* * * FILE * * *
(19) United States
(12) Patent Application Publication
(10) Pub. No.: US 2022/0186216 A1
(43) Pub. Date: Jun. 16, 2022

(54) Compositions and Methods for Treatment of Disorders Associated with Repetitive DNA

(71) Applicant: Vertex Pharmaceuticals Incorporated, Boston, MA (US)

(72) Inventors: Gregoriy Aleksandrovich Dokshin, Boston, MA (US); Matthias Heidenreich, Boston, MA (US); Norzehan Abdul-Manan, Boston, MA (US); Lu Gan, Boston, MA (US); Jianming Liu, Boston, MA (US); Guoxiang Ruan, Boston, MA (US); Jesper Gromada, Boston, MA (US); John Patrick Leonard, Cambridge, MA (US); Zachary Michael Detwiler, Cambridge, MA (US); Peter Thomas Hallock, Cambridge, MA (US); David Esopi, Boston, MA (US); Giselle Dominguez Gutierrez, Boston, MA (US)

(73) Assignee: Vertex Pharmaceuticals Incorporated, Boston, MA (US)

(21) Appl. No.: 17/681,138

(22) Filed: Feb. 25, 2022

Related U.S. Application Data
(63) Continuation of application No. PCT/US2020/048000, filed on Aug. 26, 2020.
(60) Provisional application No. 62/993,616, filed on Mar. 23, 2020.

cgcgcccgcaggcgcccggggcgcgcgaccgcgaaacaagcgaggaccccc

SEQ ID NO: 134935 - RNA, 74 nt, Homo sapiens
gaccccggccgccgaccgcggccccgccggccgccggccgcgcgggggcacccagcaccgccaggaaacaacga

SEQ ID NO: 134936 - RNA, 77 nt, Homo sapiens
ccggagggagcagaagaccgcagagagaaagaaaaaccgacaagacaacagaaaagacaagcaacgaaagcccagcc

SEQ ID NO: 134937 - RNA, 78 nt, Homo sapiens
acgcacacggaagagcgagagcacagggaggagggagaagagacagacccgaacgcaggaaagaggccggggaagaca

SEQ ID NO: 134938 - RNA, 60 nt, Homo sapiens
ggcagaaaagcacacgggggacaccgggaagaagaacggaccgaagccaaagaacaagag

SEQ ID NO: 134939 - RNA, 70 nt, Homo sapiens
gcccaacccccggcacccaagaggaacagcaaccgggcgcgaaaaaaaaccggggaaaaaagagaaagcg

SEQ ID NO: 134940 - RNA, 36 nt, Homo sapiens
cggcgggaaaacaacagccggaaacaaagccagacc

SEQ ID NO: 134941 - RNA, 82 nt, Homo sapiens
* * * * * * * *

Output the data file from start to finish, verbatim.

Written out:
(19) United States
(12) Patent Application Publication
(10) Pub. No.: US 2022/0186216 A1
(43) Pub. Date: Jun. 16, 2022

(54) Compositions and Methods for Treatment of Disorders Associated with Repetitive DNA

(71) Applicant: Vertex Pharmaceuticals Incorporated, Boston, MA (US)

(72) Inventors: Gregoriy Aleksandrovich Dokshin, Boston, MA (US); Matthias Heidenreich, Boston, MA (US); Norzehan Abdul-Manan, Boston, MA (US); Lu Gan, Boston, MA (US); Jianming Liu, Boston, MA (US); Guoxiang Ruan, Boston, MA (US); Jesper Gromada, Boston, MA (US); John Patrick Leonard, Cambridge, MA (US); Zachary Michael Detwiler, Cambridge, MA (US); Peter Thomas Hallock, Cambridge, MA (US); David Esopi, Boston, MA (US); Giselle Dominguez Gutierrez, Boston, MA (US)

(73) Assignee: Vertex Pharmaceuticals Incorporated, Boston, MA (US)

(21) Appl. No.: 17/681,138

(22) Filed: Feb. 25, 2022

Related U.S. Application Data
(63) Continuation of application No. PCT/US2020/048000, filed on Aug. 26, 2020.
(60) Provisional application No. 62/993,616, filed on Mar. 23, 2020.

cgcgcccgcaggcgcccggggcgcgcgaccgcgaaacaagcgaggaccccc

SEQ ID NO: 134935 - RNA, 74 nt, Homo sapiens
gaccccggccgccgaccgcggccccgccggccgccggccgcgcgggggcacccagcaccgccaggaaacaacga

SEQ ID NO: 134936 - RNA, 77 nt, Homo sapiens
ccggagggagcagaagaccgcagagagaaagaaaaaccgacaagacaacagaaaagacaagcaacgaaagcccagcc

SEQ ID NO: 134937 - RNA, 78 nt, Homo sapiens
acgcacacggaagagcgagagcacagggaggagggagaagagacagacccgaacgcaggaaagaggccggggaagaca

SEQ ID NO: 134938 - RNA, 60 nt, Homo sapiens
ggcagaaaagcacacgggggacaccgggaagaagaacggaccgaagccaaagaacaagag

SEQ ID NO: 134939 - RNA, 70 nt, Homo sapiens
gcccaacccccggcacccaagaggaacagcaaccgggcgcgaaaaaaaaccggggaaaaaagagaaagcg

SEQ ID NO: 134940 - RNA, 36 nt, Homo sapiens
cggcgggaaaacaacagccggaaacaaagccagacc

SEQ ID NO: 134941 - RNA, 82 nt, Homo sapiens